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Today's News

  • Full scholarships to UWC for two Las Vegas students

    Two Las Vegas high school students have received full scholarships to attend a United World College this fall.

    Taran Franklyn-Atman, a junior at West Las Vegas High School, will attend UWC Mahindra College in India. The 16-year-old is the son of Elsu Atman and Danielle Franklyn.

    Deandre Gutierrez, a sophomore at Robertson High School, will attend Pearson College UWC in British Columbia, Canada. Deandre, 15, is the son of Regina and Orlando Gutierrez.

  • A trade war will hurt San Miguel County

    In any kind of all-out military war, the U.S. can probably beat anyone on earth. In a trade war, however, the U.S. doesn’t hold such a strong advantage.

    San Miguel and Mora counties, and New Mexico in general, will be long-term losers if the apparently forming trade war with China and other nations continues to materialize.

  • Consider poverty from multiple points of view

    Some insisted during the recent Tri-County Poverty Summit, spearheaded by San Miguel County Commissioner Rock Ulibarri, that the problem is structural.

    If true, how is the structure defined?

    The other logical question, of course, is who imagined and saw to its being built?

    If one can’t honestly define the structural problem, how can one clearly take the necessary action to address or fix the problem?

    One significant point was made that emphasized perspective.

  • Oh, the joys of aging!

    Recently, Vicki Howell asked me, “How do you like being retired here in Las Vegas?”  I explained to her that I dislike both the word and the concept. “Retired” sounds like I’m tired, over and over again. I’m not doing anything again. I’ve never been retired.

    Although I’m not working full-time anymore, I am teaching at Luna, writing a column for The Optic, and singing with Contrafact Jazz Band.

  • Adjust your sails to add value to others

    No one has ever attained greatness in a job they hate.

    There, I said it.

    Let me take this a step further. No one has ever been good at parenting who has hated being a parent. So much of what we do in this world is controlled by our core attitudes and beliefs. From our core comes our actions.

    This concept on greatness is quite simple. If you don’t have your heart into what you do, you will not excel at what you are doing.

  • Editorial cartoon, Sunday, April 8, 2018

    Editorial cartoon, Sunday, April 8, 2018.

  • Cancion del Mariachi: Isotopes adopt alter ego

    As part of an effort throughout affiliated minor-league baseball to recognize the heritage of its Hispanic fan base, the Albuquerque Isotopes have adopted the Mariachis de Nuevo Mejico as their alter ego.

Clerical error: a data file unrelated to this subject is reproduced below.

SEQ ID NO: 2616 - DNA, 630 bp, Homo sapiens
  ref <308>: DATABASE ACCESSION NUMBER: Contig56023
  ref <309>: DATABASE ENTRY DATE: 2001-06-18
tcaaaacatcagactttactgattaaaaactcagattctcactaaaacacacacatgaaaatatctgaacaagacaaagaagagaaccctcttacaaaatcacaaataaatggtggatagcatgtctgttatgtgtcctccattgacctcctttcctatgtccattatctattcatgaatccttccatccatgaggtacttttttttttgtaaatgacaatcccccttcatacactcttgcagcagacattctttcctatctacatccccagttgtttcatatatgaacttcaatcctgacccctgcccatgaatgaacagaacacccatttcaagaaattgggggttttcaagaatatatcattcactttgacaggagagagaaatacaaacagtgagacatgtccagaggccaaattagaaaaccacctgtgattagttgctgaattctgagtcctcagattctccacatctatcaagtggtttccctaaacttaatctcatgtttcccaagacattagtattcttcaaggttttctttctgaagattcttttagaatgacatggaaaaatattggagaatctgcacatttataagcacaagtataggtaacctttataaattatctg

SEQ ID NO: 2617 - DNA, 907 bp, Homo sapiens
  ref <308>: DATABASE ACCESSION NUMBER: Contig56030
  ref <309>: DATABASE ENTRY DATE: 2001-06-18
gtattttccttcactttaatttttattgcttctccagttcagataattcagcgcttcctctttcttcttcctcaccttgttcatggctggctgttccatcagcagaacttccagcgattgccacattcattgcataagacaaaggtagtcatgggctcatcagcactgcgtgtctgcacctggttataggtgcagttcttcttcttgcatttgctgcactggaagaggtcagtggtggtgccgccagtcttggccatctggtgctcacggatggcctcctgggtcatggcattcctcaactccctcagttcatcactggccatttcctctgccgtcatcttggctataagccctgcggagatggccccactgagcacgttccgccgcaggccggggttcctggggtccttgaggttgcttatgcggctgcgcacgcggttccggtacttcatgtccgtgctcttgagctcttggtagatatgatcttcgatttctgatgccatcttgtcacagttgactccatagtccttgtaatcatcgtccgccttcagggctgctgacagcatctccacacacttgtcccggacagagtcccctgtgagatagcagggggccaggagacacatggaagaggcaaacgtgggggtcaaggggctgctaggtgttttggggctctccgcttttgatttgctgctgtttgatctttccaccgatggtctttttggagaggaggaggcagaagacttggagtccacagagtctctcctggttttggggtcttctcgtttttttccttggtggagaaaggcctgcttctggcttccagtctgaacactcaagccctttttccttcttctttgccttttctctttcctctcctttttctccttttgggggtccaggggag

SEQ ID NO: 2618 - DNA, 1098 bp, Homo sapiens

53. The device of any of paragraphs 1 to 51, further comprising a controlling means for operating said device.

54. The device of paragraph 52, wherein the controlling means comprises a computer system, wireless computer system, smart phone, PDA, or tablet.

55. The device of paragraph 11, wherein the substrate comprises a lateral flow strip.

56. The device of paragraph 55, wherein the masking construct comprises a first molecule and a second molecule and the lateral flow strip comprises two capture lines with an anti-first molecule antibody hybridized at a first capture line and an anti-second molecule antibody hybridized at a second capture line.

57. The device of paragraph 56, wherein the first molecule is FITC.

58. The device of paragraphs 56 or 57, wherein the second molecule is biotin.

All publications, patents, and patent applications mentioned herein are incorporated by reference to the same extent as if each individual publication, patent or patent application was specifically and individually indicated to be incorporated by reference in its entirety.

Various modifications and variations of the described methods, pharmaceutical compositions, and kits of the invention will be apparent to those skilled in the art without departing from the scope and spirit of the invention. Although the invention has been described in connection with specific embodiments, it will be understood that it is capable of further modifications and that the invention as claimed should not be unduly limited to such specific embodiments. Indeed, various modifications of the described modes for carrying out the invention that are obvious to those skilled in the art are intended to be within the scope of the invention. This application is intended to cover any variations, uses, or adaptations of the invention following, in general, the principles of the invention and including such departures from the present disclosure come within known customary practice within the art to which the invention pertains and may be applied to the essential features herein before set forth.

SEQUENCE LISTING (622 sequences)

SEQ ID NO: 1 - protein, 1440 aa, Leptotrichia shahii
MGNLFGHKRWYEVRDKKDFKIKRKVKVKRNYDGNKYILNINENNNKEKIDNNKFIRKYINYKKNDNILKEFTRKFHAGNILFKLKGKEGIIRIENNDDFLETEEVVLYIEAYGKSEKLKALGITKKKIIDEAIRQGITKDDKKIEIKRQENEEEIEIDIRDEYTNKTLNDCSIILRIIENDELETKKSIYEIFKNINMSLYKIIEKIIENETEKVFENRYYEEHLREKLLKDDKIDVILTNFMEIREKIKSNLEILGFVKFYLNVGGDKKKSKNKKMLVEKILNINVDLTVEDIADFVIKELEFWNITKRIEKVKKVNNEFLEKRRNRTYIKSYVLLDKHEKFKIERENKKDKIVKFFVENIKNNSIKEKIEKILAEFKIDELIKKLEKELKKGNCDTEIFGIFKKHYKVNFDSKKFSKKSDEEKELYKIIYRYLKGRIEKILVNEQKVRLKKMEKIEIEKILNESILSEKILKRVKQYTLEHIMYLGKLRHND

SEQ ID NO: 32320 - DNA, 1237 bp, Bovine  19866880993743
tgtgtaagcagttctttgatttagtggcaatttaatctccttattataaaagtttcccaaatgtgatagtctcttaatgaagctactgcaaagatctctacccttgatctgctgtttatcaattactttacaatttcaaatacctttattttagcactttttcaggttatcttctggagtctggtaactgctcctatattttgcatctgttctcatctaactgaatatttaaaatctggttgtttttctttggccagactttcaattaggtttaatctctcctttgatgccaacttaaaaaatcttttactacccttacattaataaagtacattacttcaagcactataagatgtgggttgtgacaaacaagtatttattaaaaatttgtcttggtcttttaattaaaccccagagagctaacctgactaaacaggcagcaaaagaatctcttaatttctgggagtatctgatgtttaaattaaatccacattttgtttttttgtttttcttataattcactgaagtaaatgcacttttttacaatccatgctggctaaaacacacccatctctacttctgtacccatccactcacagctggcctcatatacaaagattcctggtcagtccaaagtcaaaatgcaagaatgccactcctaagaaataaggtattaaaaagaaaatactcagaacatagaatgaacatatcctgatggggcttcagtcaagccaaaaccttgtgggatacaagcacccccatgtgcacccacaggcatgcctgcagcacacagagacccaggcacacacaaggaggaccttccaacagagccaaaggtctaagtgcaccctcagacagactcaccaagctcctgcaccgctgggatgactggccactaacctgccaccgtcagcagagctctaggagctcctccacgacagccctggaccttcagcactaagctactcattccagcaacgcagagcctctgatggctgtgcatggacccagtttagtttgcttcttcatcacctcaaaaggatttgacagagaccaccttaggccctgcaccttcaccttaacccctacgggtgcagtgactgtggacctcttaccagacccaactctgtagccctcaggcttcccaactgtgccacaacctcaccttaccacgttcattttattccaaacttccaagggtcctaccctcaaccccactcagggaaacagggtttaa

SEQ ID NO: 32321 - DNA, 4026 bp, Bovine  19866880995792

The Isotopes will don the alternate Mariachis uniforms for four home games this season: Saturday, May 5; Tuesday, June 26; Friday, July 20; and Sunday, Aug. 19. The organization plans to have mariachi-themed promotions on those dates, with the possibility of actual mariachi groups performing at The Lab.

  • Batter up! Isotopes focus on individual improvement

    Whether it’s helping Albuquerque win baseball games or helping themselves reach the promised land of Major League Baseball, Isotopes players seem to be in agreement on what’s most important in those quests.

    “Consistency is the key,” said Austin House, a relief pitcher who is an alumnus of both Albuquerque’s La Cueva High and the University of New Mexico. “Going about your business every day like a professional. You’ve got to be a consistent player.”

  • Looking Ahead: Sports, April 8-10

    SUNDAY (April 8)
    Baseball

    • Albuquerque Isotopes at Salt Lake Bees, 1:05 p.m., Salt Lake City
    • NMHU at CSU-Pueblo, noon, Pueblo, Colo.
    Soccer
    • Las Vegas Youth Soccer League games, 1:30 and 3 p.m., UWC campus, Montezuma
    Softball
    • NMHU at Fort Lewis (DH), 11 a.m., Durango, Colo.

    MONDAY
    Baseball

    • Albuquerque Isotopes at Salt Lake Bees, 12:05 p.m., Salt Lake City

  • Middle ground

    All is in ready mode — thriving, growing and vibrant — in the 60-foot greenhouse located since 2005 at the closed Memorial Middle School building.

    There are rows of strawberry and raspberry plants; amaryllis and pink and red geraniums show off their bold colors among the sea of green. The green cabbage thrusts its big leaves out from its pot, and grafted apples await transplanting. Even the worms in the three big bins continue munching biodegradable material into nutrient-rich fertilizer.